Best Pumpkin Patch in Los Angeles
Few times does an event meet the wide eyed childhood expectations I create, especially around Halloween. The Pumpkin Patch at Cal Poly Pomona is an exception, surpassing my hopes and giving me a fall holiday tradition to look forward to reliving every year. While the main event is a rolling field of thousands of pumpkins, the welcoming tone, homespun design and details, and affordability round this pumpkin patch out as a must for hipsters* and families.
WHAT TO EXPECT
Pumpkins, Harvest Activities, Families, Pumpkins, Maze(s)
As you near the pumpkin patch, you can ditch the directions and navigate using the hill of pumpkins as a reference. While there is a steady stream of people heading into the event, it never felt crowded as we wandered across rows and rows of ripe pumpkin vines. Finding the perfect pumpkin is easy, but, as we decided on our third perfect pumpkin (originally intent on only buying 1), narrowing it down is nearly impossible – I don’t think I saw a single person leaving with a solo pumpkin.
There are two ways to get a pumpkin, straight off the vine or picking a ‘devined’ pumpkin from the hill near the end of the field. Eitherway, the pumpkin feels like a special find, though I should warn you that some of the pumpkin vines have little stickers – they don’t hurt as much as it was just a surprise to me. Keep in mind, pumpkin picking is set-up as the first thing you’ll do, so check out the tips section to be prepared for you day.
Leaving the patch, there are fair-style food tents and truck, but I also saw some people bringing picnics for a healthy, easy break before heading out to do the games and harvest activities.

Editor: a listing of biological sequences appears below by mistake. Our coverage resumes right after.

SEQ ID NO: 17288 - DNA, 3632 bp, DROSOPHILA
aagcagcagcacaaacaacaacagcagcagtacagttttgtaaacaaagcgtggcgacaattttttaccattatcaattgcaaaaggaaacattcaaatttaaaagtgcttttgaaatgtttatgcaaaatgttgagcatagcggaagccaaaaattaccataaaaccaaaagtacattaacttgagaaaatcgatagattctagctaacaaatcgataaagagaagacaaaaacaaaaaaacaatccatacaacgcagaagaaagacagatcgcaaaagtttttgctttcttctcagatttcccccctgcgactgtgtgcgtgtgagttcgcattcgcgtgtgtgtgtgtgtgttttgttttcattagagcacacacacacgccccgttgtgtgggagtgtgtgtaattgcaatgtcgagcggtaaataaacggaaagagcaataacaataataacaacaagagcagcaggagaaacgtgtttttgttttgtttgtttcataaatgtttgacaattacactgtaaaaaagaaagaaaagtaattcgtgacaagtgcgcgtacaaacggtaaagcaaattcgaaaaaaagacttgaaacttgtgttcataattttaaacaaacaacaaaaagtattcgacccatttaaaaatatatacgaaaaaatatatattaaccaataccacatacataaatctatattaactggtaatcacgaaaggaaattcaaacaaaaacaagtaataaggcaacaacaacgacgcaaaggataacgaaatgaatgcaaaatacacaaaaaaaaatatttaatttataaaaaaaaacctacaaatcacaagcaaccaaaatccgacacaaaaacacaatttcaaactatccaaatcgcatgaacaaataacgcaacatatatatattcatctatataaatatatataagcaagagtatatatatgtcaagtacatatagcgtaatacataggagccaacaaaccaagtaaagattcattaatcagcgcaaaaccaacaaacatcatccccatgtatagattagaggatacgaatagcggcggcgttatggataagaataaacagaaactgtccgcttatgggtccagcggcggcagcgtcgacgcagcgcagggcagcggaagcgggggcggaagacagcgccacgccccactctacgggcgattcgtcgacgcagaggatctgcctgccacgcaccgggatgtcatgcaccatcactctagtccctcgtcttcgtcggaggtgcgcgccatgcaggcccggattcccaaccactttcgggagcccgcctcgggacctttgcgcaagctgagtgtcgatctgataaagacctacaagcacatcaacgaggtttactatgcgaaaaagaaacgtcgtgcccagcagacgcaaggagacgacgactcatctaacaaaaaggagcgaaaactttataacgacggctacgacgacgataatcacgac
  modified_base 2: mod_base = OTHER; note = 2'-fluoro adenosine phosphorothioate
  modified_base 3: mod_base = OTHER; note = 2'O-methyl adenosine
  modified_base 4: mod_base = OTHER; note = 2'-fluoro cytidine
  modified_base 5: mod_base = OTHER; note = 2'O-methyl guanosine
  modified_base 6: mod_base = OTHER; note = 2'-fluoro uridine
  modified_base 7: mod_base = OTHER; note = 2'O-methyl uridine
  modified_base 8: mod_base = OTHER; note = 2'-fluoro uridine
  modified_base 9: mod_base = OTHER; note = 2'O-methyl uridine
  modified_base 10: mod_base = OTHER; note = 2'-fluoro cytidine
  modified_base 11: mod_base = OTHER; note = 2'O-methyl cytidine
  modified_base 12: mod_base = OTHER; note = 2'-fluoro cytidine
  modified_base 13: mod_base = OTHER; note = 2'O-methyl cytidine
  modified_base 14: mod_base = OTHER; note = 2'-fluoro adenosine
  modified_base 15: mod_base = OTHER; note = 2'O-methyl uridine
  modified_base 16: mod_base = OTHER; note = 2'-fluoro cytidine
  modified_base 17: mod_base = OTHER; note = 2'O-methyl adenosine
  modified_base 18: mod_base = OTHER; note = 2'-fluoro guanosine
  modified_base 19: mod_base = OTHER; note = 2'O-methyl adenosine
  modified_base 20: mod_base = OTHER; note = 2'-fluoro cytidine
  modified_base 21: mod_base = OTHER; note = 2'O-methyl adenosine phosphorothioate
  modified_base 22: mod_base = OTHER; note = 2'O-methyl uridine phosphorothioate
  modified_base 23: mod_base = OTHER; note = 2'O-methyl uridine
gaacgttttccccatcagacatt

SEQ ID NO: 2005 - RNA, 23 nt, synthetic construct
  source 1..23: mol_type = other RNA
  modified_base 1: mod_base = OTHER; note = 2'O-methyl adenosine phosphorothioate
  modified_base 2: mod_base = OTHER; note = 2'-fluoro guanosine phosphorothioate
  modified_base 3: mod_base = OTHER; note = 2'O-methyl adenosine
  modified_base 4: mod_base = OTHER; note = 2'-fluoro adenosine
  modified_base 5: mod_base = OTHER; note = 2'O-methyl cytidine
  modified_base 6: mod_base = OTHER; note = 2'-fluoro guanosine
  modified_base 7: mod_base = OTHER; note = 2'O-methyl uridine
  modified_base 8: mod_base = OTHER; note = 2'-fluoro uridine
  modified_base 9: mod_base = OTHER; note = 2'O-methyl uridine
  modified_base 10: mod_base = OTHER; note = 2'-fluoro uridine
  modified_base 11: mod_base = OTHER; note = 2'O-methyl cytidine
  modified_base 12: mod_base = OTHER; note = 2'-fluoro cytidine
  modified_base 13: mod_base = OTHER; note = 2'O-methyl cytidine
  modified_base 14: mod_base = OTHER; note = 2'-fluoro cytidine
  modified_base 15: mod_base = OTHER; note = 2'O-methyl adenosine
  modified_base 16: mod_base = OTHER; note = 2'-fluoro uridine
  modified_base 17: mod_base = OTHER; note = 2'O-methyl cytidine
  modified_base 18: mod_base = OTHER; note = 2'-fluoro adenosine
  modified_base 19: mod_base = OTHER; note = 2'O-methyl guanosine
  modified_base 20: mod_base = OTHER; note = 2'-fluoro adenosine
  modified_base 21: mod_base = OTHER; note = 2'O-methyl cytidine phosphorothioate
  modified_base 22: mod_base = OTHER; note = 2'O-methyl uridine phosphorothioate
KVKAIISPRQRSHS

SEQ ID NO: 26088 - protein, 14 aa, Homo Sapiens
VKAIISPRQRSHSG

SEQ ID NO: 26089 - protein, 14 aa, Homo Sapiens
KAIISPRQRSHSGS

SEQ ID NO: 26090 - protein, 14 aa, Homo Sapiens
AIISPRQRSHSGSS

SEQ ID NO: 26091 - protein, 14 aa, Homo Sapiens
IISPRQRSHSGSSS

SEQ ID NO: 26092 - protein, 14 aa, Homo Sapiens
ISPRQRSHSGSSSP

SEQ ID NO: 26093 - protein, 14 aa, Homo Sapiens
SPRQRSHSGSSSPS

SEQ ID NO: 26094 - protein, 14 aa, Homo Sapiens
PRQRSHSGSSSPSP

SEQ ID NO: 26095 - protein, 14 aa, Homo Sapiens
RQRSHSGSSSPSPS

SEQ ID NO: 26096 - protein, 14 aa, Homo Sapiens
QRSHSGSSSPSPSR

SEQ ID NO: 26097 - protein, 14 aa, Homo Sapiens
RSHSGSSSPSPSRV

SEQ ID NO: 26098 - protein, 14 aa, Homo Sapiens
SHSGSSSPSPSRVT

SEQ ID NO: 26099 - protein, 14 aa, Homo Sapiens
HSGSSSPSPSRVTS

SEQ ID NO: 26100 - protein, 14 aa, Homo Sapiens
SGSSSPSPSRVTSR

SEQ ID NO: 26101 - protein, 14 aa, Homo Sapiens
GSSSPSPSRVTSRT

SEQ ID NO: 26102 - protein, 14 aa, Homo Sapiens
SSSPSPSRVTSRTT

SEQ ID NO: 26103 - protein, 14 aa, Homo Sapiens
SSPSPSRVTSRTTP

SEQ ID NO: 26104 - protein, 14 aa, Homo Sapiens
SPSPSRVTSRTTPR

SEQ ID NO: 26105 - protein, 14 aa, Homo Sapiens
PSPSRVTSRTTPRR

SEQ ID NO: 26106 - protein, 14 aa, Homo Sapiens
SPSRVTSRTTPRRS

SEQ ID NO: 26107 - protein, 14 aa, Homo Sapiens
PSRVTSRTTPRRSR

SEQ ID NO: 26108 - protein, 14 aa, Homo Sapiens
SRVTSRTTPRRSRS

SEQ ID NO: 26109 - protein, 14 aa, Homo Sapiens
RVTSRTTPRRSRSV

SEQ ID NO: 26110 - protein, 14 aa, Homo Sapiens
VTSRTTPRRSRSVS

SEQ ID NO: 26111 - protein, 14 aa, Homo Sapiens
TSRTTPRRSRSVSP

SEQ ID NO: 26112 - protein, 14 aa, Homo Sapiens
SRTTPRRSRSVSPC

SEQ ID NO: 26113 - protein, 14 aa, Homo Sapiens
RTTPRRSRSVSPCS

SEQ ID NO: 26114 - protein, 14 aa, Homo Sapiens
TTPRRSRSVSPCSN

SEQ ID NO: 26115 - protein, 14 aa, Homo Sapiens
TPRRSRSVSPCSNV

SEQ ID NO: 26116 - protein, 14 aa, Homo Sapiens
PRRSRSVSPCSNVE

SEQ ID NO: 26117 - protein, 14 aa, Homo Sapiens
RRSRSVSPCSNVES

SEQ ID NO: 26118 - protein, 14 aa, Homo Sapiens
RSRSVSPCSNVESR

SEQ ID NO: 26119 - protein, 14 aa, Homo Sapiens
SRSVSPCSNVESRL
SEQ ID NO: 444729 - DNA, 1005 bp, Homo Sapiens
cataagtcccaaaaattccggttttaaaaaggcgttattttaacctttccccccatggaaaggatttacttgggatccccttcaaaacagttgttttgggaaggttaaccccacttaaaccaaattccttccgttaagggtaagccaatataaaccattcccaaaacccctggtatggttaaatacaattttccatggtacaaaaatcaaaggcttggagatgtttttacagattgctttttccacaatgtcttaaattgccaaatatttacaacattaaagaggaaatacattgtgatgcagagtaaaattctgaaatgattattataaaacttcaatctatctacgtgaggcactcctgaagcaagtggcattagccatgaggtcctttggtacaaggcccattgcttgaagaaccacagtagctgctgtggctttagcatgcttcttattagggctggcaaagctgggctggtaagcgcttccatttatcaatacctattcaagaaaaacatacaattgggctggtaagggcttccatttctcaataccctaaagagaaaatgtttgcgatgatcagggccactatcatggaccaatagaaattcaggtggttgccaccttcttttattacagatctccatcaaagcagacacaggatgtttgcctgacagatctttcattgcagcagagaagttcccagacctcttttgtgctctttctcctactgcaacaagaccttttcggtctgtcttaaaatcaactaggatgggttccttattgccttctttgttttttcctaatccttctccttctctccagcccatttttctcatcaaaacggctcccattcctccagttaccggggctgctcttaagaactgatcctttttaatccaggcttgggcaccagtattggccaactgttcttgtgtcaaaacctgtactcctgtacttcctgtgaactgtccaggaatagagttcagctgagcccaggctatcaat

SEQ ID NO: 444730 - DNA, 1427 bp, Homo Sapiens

As for the harvest fair portion, the corn maze is really fun (disclaimer: I love corn mazes anyway) and there’s even a small hay maze for little kids. Additionally, there is a petting zoo and an area to buy harvest decorations like corn stalks, gourds, and maze. The fairway of games and craft booths are mainly run by student organizations. While heavily geared towards families, I couldn’t pass up the “Make-You-Own-Nachos” booth.
I want to mention that all the proceeds (though I never felt like I had to spend too much money) benefit the school and farming efforts.
Bring A Bag: Even if you do only pick one pumpkin, the patch is the first thing you’ll do. Ease the rest of your day by bringing a cloth or plastic bag to hold your haul. Don’t bother bringing free grocery bags because they will just break on you. If you really want to make this easy, many people even brought wagons.
Cash: Pumpkins in the patch are one price- cash only and the rest of the event is as well. Bring $20-$30 for the pumpkins, games, and the maze and maybe another $10 per person if you plan on eating.
Huge Pumpkins are Cheap: While the pumpkin patch pumpkins cost roughly the same as store brought, there are those gargantuan pumpkins for only $20 or so – I didn’t know that until we were leaving or that totally would have gone home with me.
Pay Attention to the Street Signs: Alot of people parked along the street next to signs saying no parking and got tickets. Don’t follow the crowd, obey street signs and ask a cop if you have particular questions.
Parking: I’m not going to lie, parking is confusing. Ultimately, the lot parking was free, which was only made perfectly clear by small signs taped to the pay booths – make sure you look at all 4 sides of the pay booth before spending your cash.
Dress for the Weather : This is a totally outdoor event, and you should consider sun block.
This really is a great fall even and is now one of my Halloween Traditions. If you’re looking for a unique way to remember this year, the Pumpkin Patch at Cal Poly Pomona is your answer. For up to date information, make sure you look over the event website.
*I’m not sure I’m using the term hipster correctly, but I’m 99% sure I am. What I’m trying to say is that it’s a great place for people who like to explore new things, love throw-back events, and want to make the most of seasons.